ISSN 1470-3947 (print) | ISSN 1479-6848 (online)

Endocrine Abstracts (2008) 16 P348

Secular height changes in Greek conscripts

Grigorios Fytanidis1, Anastasios Papadimitriou1, Dimitrios Papadimitriou1, Iakovos Fytanidis2 & Polyxeni Nicolaidou1


1Paediatric Endocrinology Unit, Third Department of Paediatrics, Attikon University Hospital, University of Athens, Haidari, Attiki, Greece; 2Surgery Department, Rethymno General Hospital, Rethymno, Greece.


Introduction: In some developed countries, the acceleration of physical development has already reached a plateau.

Objective: Aim of our study was to examine whether an improvement of the body height of adult men is still observed in Greece and to correlate the body height with socio-economic and demographic factors.

Research methods and procedures: The height of 3068 Greek conscripts, aged 18–26 years, was measured and analyzed according to their socio-demographic characteristics, level of education (according to the years of obligatory education) and type of residence (urban or rural). Our data were compared with those of similar studies performed in 1968 and 1990.

Results: The mean height (±S.D.) of the recruit soldiers was 177.4 (±7.0) cm. Mean height according to the type of residence and educational level is shown in Table 1.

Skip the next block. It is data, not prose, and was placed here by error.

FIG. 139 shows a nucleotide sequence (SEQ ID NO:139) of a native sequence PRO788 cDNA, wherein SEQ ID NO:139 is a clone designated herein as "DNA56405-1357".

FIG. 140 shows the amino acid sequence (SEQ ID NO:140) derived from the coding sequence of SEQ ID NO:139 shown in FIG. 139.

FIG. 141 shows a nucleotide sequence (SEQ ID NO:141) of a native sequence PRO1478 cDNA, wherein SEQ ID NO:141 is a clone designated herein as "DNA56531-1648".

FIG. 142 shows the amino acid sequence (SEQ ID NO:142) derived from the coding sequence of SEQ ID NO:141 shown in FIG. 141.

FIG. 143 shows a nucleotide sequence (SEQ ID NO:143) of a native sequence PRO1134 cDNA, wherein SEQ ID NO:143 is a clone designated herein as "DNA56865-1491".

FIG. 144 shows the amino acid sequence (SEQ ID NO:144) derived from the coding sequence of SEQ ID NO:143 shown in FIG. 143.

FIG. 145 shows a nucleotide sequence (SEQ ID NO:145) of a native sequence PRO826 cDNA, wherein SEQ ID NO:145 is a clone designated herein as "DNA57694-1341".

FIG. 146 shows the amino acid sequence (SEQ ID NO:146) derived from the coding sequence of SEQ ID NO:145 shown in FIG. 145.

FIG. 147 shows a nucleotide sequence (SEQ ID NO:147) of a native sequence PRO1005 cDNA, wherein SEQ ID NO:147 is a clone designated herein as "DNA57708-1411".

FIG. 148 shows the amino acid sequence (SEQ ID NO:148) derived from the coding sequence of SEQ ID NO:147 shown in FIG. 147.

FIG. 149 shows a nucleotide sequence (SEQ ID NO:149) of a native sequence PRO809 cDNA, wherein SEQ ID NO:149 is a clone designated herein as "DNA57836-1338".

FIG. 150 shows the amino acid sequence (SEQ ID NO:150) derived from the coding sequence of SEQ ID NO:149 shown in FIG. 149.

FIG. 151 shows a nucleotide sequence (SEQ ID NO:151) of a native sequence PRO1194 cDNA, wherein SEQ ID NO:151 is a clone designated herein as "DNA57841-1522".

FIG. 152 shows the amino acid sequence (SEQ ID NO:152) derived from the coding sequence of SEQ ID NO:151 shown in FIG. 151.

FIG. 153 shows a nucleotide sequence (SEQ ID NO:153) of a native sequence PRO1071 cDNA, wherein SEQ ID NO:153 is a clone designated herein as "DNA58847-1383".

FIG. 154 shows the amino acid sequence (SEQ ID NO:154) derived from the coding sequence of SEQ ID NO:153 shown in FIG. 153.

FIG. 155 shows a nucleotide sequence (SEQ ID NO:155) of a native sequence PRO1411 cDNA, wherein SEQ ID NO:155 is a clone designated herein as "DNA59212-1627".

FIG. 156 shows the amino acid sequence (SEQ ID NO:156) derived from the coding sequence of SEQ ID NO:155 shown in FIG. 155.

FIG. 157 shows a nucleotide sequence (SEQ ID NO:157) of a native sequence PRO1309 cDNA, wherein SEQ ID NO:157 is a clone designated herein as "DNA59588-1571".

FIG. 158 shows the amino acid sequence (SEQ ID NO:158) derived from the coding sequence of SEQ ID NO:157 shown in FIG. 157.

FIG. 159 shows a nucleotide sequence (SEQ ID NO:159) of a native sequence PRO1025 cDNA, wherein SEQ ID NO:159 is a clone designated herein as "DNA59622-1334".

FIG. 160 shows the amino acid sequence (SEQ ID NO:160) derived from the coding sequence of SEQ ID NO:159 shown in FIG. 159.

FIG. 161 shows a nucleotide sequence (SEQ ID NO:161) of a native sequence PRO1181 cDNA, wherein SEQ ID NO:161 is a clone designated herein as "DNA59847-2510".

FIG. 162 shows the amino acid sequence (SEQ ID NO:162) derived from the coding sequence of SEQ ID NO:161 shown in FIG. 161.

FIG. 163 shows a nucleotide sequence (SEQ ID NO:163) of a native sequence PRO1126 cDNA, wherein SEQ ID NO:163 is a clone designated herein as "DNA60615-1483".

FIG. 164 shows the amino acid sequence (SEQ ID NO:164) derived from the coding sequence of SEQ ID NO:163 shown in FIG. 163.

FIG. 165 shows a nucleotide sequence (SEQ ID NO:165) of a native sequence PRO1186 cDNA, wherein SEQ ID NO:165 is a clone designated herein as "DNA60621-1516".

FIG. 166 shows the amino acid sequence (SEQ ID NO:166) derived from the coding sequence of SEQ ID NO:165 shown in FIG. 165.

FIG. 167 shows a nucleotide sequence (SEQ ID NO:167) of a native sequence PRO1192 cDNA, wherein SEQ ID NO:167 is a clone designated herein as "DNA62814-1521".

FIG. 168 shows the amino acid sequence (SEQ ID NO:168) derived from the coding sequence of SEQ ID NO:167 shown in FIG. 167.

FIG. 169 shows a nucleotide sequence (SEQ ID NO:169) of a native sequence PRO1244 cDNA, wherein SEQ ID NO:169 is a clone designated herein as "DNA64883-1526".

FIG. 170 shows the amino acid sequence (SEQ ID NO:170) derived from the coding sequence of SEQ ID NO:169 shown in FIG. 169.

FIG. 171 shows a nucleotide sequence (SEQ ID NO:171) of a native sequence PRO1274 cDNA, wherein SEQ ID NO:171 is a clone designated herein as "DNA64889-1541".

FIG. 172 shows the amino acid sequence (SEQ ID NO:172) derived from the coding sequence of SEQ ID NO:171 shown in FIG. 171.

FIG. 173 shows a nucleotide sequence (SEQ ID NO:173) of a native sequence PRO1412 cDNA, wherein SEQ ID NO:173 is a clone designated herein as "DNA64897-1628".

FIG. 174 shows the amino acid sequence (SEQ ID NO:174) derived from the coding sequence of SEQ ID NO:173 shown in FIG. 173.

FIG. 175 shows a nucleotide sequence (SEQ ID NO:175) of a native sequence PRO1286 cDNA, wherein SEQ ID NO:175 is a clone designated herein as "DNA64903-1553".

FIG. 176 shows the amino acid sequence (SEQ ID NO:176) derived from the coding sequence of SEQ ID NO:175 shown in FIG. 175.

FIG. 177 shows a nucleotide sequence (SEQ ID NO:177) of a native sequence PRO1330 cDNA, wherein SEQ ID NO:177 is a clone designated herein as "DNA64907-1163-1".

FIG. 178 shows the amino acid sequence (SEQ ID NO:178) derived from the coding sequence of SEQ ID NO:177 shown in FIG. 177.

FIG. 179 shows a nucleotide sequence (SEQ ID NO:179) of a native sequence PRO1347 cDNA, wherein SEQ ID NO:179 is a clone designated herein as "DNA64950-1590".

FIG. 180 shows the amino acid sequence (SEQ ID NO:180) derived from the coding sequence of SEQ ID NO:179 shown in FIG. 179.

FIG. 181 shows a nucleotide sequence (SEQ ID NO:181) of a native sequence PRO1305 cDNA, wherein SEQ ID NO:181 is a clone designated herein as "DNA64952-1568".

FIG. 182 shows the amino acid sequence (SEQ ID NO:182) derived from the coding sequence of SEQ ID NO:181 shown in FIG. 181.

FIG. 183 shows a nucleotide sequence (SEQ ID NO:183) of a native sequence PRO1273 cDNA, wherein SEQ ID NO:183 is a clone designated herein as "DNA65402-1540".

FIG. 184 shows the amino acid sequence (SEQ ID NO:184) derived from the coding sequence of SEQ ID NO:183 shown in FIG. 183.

Table 1
Years of schoolingUrbanRural
Mean height (±S.D.) cmP
Total178.1 (7.1)176.4 (6.7)<0.0001
≤9174.4 (7.0)174.6 (7.8)174.2 (6.3)NS*
≥10177.9 (6.9)178.3 (6.9)176.8 (6.7)<0.0001
P<0.0001a<0.0001<0.0001
*Non significant.

From 1990 to 2007 mean height increased from 175.7 (S.E.M. 0.15) cm to 177.4 (S.E.M. 0.22) cm, corresponding to 1 cm per decade, P<0.0001. From 1968 to 1990 mean height increased from 167.9 to 175.7 cm, corresponding to 3.5 cm per decade.

Conclusions:

In the last 38 years a continuous significant increase of Greek men’s final height was shown. However, in the last 16 years a deceleration of the rate of the improvement of the final stature was observed. The socio-economic status and the type of residence have a significant influence on body height. It appears that the male Greek population has still not exhausted its genetic potential.

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